New product categories remain a vast market for the retort pouch. The recent introduction of “wet gravies” by McCormick & Co. represents a brand new category in the US for the retort pouch (see PFFC June 2006, p52). Typically, these products are in glass jars.

Converted by Ampac Flexibles—Converted Products, the pouches [polyester (PET)/oriented nylon (ONY)/polypropylene (PP)] are both retortable and microwavable. But the US market generally is not a high-volume wet gravy market as is France, Germany, and Italy. Whether this new package format will influence American eating habits is questionable. Dr. Magdy Hefnawy, president of Ag-Tech Intl., Greeneville, TN, and a seasoned retort-pouch pro, categorizes the next food categories to be introduced in retort pouches as soups/sauces, sauces/gravies containing particulates, vegetables/fruits, bakery, meat/poultry, and seafood.

According to Hefnawy—who along with Dennis Carespodi, Oracle Packaging, Winston-Salem, NC, led the tutorial courses—ready-to-eat seafood and pasta side dishes are on the verge of widespread retort pouch use.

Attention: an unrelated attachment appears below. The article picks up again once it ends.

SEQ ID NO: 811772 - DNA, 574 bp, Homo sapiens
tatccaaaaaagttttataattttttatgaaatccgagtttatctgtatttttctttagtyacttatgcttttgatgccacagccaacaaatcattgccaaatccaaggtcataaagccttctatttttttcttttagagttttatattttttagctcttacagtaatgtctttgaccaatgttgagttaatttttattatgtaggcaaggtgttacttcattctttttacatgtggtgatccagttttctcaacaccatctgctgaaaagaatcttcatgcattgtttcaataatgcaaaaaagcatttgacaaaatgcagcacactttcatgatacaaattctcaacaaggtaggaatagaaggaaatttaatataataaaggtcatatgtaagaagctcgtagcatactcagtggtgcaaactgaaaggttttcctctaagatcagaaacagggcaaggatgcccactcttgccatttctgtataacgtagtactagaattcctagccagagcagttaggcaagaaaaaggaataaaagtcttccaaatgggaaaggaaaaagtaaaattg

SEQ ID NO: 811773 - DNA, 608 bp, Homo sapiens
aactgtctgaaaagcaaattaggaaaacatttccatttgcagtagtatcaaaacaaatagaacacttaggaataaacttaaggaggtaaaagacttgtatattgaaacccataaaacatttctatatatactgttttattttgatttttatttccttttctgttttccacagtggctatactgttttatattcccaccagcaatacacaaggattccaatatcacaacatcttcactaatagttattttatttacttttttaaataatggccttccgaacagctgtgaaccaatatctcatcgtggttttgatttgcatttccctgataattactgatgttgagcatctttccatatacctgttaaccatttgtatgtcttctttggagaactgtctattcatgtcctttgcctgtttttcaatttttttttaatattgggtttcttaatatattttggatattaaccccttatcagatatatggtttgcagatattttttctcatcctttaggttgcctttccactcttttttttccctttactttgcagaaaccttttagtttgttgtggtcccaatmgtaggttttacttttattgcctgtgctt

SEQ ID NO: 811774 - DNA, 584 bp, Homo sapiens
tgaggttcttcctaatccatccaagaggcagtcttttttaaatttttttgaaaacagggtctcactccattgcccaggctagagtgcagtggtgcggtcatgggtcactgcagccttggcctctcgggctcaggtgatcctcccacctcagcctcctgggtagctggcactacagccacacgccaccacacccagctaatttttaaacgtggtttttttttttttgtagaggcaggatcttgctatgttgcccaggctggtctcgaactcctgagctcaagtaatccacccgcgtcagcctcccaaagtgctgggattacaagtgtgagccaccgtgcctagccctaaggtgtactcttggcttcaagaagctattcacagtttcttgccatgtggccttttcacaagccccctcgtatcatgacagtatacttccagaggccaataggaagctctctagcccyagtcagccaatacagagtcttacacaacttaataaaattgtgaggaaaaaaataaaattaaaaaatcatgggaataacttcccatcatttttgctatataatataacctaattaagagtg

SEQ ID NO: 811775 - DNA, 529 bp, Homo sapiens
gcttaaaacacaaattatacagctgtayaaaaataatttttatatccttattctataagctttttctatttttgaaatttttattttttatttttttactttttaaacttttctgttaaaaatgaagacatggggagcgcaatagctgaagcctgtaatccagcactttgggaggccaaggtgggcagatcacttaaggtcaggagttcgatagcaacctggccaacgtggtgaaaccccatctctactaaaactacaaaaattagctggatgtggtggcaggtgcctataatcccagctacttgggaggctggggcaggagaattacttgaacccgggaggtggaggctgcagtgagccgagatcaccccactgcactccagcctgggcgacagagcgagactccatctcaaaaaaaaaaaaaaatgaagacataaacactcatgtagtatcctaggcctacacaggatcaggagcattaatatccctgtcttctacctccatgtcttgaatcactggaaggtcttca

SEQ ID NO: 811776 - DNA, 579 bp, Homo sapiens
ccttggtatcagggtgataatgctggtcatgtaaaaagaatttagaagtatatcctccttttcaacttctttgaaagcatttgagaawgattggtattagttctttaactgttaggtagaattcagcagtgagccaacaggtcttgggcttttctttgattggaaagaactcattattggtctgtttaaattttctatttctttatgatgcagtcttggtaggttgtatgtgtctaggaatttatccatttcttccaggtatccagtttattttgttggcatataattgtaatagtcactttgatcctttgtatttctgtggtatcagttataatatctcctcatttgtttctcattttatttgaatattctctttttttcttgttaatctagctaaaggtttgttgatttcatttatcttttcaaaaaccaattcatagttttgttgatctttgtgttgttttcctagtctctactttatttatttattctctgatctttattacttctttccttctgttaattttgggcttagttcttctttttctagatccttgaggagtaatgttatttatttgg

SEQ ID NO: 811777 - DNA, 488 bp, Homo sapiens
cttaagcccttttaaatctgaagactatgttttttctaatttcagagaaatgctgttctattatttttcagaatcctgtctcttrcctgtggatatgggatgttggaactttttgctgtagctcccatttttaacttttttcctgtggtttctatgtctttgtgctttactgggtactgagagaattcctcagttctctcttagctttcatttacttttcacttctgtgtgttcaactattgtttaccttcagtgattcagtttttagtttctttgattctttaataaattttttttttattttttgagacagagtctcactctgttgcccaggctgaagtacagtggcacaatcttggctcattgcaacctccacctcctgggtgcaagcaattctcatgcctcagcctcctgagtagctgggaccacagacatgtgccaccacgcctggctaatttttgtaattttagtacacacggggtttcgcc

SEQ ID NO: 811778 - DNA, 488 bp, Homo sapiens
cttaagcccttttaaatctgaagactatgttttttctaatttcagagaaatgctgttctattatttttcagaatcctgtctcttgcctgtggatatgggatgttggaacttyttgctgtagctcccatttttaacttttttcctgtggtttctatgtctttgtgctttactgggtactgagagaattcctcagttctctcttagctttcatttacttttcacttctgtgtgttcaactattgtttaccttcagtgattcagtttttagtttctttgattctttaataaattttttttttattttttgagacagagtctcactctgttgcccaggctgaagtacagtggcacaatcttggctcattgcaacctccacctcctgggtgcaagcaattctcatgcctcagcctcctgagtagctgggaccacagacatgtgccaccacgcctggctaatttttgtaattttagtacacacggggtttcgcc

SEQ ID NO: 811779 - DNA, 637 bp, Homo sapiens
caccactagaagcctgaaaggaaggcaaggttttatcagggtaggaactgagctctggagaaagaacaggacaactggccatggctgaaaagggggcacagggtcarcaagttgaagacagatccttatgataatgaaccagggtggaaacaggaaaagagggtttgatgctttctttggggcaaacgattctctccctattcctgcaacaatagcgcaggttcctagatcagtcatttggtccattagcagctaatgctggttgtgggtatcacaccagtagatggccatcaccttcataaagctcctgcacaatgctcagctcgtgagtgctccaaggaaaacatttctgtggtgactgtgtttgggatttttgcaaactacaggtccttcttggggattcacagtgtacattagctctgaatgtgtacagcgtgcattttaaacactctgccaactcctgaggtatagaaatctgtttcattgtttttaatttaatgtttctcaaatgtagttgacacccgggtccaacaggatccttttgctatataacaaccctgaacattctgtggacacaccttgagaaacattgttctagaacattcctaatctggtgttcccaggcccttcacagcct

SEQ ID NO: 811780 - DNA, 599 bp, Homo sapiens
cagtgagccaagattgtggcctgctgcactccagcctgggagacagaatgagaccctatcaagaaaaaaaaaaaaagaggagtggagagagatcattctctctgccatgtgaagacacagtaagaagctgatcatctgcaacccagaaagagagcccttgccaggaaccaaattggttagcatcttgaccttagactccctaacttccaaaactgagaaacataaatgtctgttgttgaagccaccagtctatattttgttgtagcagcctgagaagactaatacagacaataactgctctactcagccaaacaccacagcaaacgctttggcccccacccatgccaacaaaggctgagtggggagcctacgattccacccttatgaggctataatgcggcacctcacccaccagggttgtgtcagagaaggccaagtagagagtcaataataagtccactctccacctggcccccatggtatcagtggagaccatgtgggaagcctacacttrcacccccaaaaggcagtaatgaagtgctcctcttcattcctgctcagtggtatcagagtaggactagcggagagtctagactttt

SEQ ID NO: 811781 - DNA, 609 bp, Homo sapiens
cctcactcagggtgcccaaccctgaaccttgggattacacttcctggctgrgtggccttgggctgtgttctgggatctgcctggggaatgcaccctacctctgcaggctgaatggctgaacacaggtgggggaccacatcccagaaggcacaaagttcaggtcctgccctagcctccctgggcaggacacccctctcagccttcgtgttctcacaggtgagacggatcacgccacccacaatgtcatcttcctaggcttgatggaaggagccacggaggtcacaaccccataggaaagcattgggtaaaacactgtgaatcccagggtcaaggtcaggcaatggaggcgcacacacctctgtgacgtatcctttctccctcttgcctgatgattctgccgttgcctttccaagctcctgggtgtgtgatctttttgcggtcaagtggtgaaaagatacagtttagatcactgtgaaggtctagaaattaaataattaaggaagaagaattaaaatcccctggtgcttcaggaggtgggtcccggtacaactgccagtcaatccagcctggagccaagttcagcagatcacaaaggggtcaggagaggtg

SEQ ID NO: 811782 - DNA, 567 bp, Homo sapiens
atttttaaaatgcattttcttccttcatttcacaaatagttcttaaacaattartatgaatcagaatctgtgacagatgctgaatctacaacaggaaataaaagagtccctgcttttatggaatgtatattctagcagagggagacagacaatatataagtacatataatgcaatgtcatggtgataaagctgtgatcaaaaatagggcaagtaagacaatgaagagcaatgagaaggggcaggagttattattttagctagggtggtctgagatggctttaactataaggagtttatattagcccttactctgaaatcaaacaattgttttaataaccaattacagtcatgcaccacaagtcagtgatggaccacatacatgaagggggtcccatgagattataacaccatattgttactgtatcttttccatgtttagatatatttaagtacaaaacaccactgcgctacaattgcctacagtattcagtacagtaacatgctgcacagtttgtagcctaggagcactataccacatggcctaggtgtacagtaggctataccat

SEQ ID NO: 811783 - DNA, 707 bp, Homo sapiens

Laboratory work on surface-printing retort pouch structures using electron beam (EB)-cured inks has been done by Dr. Thomas Hartmann, Rutgers Univ., Piscataway, NJ. The typical construction is overprint varnish/ink/PET/adhesive/metallized PET/adh/PP.

This “green” technology development is solventless with no volatile organic compounds and has an extremely fast cure speed. The specially developed inks are mostly acrylate-based formulations comprising EB-curable oligomers, pre-polymers, and polymers. Lithotype Co., South San Francisco, CA, produced the first commercial application with supporting R&D by Hartmann’s labs at Rutgers.